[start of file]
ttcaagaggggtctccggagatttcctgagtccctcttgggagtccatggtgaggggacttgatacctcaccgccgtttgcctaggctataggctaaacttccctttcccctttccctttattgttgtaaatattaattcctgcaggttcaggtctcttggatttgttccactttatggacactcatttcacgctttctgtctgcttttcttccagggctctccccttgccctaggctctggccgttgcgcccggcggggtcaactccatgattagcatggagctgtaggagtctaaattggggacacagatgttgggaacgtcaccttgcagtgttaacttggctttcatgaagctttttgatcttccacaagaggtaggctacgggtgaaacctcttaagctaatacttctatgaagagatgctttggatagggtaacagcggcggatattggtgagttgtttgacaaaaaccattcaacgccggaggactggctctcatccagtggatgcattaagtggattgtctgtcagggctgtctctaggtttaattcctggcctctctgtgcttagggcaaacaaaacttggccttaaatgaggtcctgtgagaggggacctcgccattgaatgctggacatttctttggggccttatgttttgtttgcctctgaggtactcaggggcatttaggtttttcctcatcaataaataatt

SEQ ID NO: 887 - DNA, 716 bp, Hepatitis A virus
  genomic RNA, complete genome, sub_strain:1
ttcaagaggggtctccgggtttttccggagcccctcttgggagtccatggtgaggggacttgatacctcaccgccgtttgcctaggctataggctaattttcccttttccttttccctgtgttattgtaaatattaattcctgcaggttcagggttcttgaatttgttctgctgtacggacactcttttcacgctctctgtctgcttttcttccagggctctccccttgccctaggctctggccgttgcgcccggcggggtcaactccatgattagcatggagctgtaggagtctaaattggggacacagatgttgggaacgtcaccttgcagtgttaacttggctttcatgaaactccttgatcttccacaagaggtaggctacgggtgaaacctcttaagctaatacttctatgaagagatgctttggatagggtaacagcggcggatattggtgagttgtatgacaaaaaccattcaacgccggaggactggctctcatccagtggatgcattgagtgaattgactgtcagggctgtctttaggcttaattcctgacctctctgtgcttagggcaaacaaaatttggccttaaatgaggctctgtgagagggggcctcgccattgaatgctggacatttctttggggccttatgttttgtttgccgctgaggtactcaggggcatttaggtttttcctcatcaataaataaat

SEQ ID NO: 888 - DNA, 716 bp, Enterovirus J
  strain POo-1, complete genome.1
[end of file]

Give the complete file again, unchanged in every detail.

ttcaagaggggtctccggagatttcctgagtccctcttgggagtccatggtgaggggacttgatacctcaccgccgtttgcctaggctataggctaaacttccctttcccctttccctttattgttgtaaatattaattcctgcaggttcaggtctcttggatttgttccactttatggacactcatttcacgctttctgtctgcttttcttccagggctctccccttgccctaggctctggccgttgcgcccggcggggtcaactccatgattagcatggagctgtaggagtctaaattggggacacagatgttgggaacgtcaccttgcagtgttaacttggctttcatgaagctttttgatcttccacaagaggtaggctacgggtgaaacctcttaagctaatacttctatgaagagatgctttggatagggtaacagcggcggatattggtgagttgtttgacaaaaaccattcaacgccggaggactggctctcatccagtggatgcattaagtggattgtctgtcagggctgtctctaggtttaattcctggcctctctgtgcttagggcaaacaaaacttggccttaaatgaggtcctgtgagaggggacctcgccattgaatgctggacatttctttggggccttatgttttgtttgcctctgaggtactcaggggcatttaggtttttcctcatcaataaataatt

SEQ ID NO: 887 - DNA, 716 bp, Hepatitis A virus
  genomic RNA, complete genome, sub_strain:1
ttcaagaggggtctccgggtttttccggagcccctcttgggagtccatggtgaggggacttgatacctcaccgccgtttgcctaggctataggctaattttcccttttccttttccctgtgttattgtaaatattaattcctgcaggttcagggttcttgaatttgttctgctgtacggacactcttttcacgctctctgtctgcttttcttccagggctctccccttgccctaggctctggccgttgcgcccggcggggtcaactccatgattagcatggagctgtaggagtctaaattggggacacagatgttgggaacgtcaccttgcagtgttaacttggctttcatgaaactccttgatcttccacaagaggtaggctacgggtgaaacctcttaagctaatacttctatgaagagatgctttggatagggtaacagcggcggatattggtgagttgtatgacaaaaaccattcaacgccggaggactggctctcatccagtggatgcattgagtgaattgactgtcagggctgtctttaggcttaattcctgacctctctgtgcttagggcaaacaaaatttggccttaaatgaggctctgtgagagggggcctcgccattgaatgctggacatttctttggggccttatgttttgtttgccgctgaggtactcaggggcatttaggtttttcctcatcaataaataaat

SEQ ID NO: 888 - DNA, 716 bp, Enterovirus J
  strain POo-1, complete genome.1